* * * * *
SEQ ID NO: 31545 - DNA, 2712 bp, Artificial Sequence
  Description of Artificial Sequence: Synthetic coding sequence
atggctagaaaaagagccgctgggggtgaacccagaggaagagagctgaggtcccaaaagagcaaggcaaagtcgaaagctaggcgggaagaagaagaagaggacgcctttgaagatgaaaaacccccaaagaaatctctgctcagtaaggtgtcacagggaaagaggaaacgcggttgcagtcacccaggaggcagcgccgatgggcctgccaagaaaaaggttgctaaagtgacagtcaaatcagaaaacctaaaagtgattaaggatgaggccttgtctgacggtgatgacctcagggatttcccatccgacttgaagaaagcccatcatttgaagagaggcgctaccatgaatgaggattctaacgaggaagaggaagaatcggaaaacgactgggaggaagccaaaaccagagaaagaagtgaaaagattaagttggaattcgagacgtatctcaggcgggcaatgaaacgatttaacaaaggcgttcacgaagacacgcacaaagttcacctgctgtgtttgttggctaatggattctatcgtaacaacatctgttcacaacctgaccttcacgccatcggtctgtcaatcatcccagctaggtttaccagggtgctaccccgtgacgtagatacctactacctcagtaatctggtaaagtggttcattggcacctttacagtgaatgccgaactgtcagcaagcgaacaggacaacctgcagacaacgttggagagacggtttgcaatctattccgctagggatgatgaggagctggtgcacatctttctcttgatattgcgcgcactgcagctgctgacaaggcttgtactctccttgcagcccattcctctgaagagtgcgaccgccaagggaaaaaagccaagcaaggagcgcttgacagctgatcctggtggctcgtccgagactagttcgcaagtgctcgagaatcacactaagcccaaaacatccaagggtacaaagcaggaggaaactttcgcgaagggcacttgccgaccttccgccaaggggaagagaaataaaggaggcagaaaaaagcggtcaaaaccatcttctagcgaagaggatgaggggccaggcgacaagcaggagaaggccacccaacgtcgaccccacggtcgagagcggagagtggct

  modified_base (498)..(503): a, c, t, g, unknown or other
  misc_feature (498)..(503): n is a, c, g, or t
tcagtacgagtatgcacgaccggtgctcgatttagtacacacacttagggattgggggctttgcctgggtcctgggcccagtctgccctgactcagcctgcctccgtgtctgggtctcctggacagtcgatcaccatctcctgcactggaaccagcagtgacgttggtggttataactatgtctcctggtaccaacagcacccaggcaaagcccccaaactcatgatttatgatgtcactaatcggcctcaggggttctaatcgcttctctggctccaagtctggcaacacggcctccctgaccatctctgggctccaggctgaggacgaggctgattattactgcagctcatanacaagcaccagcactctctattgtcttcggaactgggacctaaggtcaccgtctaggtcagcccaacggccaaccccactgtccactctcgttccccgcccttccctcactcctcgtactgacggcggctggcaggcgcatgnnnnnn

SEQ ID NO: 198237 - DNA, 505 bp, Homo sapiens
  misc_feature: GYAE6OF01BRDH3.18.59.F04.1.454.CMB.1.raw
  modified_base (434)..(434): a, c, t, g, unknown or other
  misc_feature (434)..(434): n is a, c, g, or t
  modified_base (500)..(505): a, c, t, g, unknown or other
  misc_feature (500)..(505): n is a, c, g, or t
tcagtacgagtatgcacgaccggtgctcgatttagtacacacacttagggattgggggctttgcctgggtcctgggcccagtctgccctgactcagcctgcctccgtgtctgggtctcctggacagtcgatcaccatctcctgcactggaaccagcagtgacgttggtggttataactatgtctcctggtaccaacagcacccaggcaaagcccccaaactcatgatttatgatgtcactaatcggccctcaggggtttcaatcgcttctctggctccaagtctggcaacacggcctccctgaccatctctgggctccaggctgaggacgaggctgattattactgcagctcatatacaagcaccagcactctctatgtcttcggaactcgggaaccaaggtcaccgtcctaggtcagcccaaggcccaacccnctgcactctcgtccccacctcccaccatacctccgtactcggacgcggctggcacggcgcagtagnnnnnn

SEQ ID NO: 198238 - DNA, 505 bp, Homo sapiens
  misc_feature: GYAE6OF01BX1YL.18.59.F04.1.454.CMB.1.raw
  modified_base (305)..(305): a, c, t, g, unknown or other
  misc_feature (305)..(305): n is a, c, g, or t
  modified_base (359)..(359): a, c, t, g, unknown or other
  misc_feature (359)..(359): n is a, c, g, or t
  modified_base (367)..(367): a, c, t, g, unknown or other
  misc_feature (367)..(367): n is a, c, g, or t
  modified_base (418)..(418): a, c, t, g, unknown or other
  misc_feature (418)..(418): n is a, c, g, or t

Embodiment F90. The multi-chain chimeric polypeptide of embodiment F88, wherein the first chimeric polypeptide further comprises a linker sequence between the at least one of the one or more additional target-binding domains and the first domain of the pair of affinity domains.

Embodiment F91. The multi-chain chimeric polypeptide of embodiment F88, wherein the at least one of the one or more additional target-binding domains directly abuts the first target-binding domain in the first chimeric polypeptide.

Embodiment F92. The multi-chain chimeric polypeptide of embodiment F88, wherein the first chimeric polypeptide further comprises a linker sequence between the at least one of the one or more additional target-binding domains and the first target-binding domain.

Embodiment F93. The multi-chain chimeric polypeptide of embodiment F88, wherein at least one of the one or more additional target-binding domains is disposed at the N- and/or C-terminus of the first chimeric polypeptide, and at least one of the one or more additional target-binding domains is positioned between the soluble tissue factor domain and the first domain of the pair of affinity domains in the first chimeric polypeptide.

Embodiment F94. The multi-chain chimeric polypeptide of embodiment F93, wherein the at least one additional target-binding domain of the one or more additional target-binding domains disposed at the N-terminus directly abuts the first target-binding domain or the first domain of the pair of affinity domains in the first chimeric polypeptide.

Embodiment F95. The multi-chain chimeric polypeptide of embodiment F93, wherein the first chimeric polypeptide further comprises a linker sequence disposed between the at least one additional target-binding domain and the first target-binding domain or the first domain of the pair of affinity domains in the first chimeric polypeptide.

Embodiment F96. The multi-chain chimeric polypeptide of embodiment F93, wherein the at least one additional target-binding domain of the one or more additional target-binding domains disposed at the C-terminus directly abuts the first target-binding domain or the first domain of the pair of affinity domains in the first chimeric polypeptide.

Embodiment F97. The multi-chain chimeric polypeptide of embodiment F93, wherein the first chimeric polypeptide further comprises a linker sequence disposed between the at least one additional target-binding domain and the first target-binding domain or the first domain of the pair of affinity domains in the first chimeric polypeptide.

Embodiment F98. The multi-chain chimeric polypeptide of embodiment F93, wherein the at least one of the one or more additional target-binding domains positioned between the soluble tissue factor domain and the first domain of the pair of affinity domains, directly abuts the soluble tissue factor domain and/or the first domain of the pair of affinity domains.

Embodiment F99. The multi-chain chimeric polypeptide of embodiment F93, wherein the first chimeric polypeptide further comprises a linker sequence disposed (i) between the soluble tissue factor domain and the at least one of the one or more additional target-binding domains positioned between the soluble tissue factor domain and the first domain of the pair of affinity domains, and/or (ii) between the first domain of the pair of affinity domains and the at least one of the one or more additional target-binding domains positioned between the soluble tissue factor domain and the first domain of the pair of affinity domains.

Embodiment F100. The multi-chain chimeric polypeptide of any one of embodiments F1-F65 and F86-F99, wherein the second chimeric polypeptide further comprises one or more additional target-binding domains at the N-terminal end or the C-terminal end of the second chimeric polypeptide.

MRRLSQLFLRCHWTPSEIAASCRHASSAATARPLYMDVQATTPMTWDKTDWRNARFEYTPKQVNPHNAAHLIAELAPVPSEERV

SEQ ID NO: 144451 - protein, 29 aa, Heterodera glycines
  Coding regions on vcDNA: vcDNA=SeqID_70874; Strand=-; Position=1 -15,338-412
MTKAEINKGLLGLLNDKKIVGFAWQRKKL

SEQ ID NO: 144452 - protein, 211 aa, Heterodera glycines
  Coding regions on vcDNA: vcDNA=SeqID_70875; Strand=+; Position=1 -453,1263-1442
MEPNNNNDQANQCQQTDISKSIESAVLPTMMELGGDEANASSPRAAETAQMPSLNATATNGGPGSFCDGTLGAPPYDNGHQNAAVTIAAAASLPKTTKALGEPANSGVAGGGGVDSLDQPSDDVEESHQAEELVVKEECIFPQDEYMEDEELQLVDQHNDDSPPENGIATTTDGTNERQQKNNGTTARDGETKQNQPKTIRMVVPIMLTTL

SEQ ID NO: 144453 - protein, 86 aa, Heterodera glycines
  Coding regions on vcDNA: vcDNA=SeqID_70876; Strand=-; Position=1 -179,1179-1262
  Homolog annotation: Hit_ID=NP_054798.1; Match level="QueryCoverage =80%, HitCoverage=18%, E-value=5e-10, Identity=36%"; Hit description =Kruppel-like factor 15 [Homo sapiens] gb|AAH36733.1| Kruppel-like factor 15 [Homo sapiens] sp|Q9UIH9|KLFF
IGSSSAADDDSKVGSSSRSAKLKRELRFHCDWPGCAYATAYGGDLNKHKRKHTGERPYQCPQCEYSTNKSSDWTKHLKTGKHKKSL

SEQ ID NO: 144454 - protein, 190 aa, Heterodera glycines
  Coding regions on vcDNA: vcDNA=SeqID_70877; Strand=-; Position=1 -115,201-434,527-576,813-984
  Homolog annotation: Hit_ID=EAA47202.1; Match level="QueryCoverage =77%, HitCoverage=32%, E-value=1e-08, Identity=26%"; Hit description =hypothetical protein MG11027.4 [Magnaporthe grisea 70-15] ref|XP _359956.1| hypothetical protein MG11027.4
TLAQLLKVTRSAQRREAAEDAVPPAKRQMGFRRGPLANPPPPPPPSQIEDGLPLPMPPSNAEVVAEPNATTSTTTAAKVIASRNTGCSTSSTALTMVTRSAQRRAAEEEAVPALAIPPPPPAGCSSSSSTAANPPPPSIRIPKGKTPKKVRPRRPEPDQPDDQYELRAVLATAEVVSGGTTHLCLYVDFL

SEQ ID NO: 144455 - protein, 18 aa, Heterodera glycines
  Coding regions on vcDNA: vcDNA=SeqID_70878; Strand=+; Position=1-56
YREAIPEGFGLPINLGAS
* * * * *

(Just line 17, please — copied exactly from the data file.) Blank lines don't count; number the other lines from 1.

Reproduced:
  misc_feature (305)..(305): n is a, c, g, or t